bio | website | math.kth.se/~ahardy |
---|---|---|
location | Sweden | |
age | 29 | |
visits | member for | 3 years, 10 months |
seen | 18 hours ago | |
stats | profile views | 985 |
Since September 2013, I am a postdoctoral researcher at the Royal Institute of Technology (KTH), mainly working in random matrix theory.
I obtained my PhD degree from KU Leuven (Belgium, with Arno Kuijlaars) jointly with the University of Toulouse (France, with Michel Ledoux).
Feb 23 |
awarded | Revival |
Feb 15 |
comment |
Most harmful heuristic?
Yes, and certainly because of that I remember to be shocked when I realized that a map like $x^2 \boldsymbol{1}_{\mathbb Q}(x)$ is continuous (with all derivatives continuous!) at zero. |
Jan 12 |
comment |
Simple Spectrum of Jacobi matrices
Because the spectrum of an nxn truncation of a Jacobi matrix has for eigenvalues the zeroes of a degree n orthogonal polynomial, read the literature on OPs. |
Dec 3 |
comment |
Geometric interpretation of the average of two independent Cauchy distributions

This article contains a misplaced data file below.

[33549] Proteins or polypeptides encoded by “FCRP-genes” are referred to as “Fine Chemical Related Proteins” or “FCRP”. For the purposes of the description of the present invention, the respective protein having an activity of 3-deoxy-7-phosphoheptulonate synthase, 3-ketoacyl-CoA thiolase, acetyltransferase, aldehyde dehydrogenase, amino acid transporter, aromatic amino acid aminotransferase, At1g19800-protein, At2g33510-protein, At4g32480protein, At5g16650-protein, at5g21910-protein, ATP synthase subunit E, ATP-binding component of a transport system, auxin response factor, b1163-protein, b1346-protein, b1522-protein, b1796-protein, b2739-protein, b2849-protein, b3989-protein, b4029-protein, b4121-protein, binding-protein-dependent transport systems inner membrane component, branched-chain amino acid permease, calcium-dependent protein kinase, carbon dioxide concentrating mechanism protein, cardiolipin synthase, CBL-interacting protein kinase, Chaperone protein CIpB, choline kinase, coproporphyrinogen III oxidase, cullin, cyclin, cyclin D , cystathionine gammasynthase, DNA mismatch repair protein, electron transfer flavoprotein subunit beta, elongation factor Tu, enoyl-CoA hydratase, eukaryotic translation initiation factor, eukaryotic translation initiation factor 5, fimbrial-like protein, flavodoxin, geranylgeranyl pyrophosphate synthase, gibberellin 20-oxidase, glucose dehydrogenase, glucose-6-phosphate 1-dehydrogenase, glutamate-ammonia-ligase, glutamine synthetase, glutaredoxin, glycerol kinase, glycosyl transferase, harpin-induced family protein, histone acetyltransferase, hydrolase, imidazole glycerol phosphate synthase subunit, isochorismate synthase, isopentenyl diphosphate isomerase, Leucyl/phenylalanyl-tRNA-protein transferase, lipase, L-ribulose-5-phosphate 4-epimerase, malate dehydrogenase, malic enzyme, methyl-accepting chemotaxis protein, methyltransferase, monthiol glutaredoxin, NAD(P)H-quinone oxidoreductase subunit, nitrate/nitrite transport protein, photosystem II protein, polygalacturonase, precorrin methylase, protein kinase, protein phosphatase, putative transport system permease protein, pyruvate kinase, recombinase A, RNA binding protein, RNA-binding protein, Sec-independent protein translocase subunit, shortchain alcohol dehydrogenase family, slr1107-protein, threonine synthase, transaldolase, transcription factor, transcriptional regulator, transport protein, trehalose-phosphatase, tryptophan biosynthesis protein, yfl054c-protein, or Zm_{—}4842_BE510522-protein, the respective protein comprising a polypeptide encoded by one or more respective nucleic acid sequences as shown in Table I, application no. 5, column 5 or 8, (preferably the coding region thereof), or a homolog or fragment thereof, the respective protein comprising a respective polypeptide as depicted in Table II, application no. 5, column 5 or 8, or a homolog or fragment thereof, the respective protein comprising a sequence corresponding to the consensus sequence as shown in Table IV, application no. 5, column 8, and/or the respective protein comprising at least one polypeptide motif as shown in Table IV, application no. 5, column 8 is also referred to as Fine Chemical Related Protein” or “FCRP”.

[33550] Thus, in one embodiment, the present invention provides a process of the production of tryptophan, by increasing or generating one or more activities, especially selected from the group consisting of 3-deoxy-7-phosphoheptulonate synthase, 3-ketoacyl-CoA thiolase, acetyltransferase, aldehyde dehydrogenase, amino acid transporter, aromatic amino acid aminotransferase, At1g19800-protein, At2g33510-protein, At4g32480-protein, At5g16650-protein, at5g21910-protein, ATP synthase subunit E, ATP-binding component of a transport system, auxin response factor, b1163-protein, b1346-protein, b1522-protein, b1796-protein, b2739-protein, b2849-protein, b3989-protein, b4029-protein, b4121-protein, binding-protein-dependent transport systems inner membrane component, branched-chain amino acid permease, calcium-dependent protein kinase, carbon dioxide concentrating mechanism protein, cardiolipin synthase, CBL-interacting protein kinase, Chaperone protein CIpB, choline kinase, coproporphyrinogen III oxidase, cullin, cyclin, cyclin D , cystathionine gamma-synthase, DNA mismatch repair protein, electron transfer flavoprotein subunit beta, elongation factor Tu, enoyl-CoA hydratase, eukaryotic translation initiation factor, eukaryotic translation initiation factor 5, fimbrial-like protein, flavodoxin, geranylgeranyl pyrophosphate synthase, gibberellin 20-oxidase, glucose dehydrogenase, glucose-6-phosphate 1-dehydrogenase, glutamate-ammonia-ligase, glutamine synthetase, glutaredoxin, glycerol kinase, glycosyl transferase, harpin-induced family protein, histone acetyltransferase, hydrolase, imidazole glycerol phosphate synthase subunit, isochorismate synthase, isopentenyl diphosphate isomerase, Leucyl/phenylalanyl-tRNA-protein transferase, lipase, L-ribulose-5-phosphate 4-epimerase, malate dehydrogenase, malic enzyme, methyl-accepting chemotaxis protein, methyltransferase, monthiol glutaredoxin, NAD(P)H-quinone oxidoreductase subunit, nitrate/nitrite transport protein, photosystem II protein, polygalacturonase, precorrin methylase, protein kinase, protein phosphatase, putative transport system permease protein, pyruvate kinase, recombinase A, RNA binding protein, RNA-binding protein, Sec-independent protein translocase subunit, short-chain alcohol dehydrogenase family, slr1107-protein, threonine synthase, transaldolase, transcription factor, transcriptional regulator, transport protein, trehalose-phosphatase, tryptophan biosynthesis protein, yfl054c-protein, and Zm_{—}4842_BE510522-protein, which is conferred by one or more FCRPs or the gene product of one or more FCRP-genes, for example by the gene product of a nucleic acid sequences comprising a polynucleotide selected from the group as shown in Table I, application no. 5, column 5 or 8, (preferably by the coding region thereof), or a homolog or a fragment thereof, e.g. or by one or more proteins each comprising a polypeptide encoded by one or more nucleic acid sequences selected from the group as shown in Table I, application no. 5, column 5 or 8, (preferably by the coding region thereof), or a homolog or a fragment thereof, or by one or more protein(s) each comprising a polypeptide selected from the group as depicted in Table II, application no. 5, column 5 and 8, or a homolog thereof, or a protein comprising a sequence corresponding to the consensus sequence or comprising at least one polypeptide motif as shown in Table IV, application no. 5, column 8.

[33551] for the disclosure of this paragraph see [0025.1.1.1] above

Can you precise what you mean by "average" ? |
Dec 2 |
comment |
rigidity of eigenvalues of circular ensemble
@JohnJiang You're the welcome. I don't know what you have in mind, but I think this type of questions is interesting and I'd be glad to discuss more about it; please write to me at ahardy(you know what)kth.se |
Nov 29 |
answered | rigidity of eigenvalues of circular ensemble |
Nov 22 |
answered | Positivity of the Coulomb energy in two dimensions |
Jul 2 |
awarded | Curious |
May 8 |
answered | Characteristic polynomials of certain random symmetric matrices and the complexity of random Morse functions |
May 1 |
awarded | Popular Question |
Apr 29 |
awarded | Popular Question |
Apr 1 |
answered | When should we expect Tracy-Widom ? |
Feb 12 |
answered | Markov-type functions |
Dec 21 |
answered | Usage of complex moments in complex plane |
Nov 20 |
awarded | Autobiographer |
Nov 16 |
comment |
Statistical models in terms of families of random variables
I'm kind of lost: as Michael Greinecker recalled, you can always build a huge probability space in which all your variables live, whatever $\Theta$ is, thanks to the tensor product construction. Then, maybe the "natural" topology you look for just the convergence in distribution of random variables ? In this case, that $x:\Theta\rightarrow L$ is continuous is by definition equivalent to $P:\Theta\rightarrow \Delta(X)$ continuous. But maybe I misunderstood the question. |
Jun 25 |
awarded | Promoter |
Jun 12 |
answered | What are some examples of mathematicians who had an unconventional education? |
Jun 5 |
asked | “Spectral decomposition” action on the unitary group |
Jun 1 |
awarded | Yearling |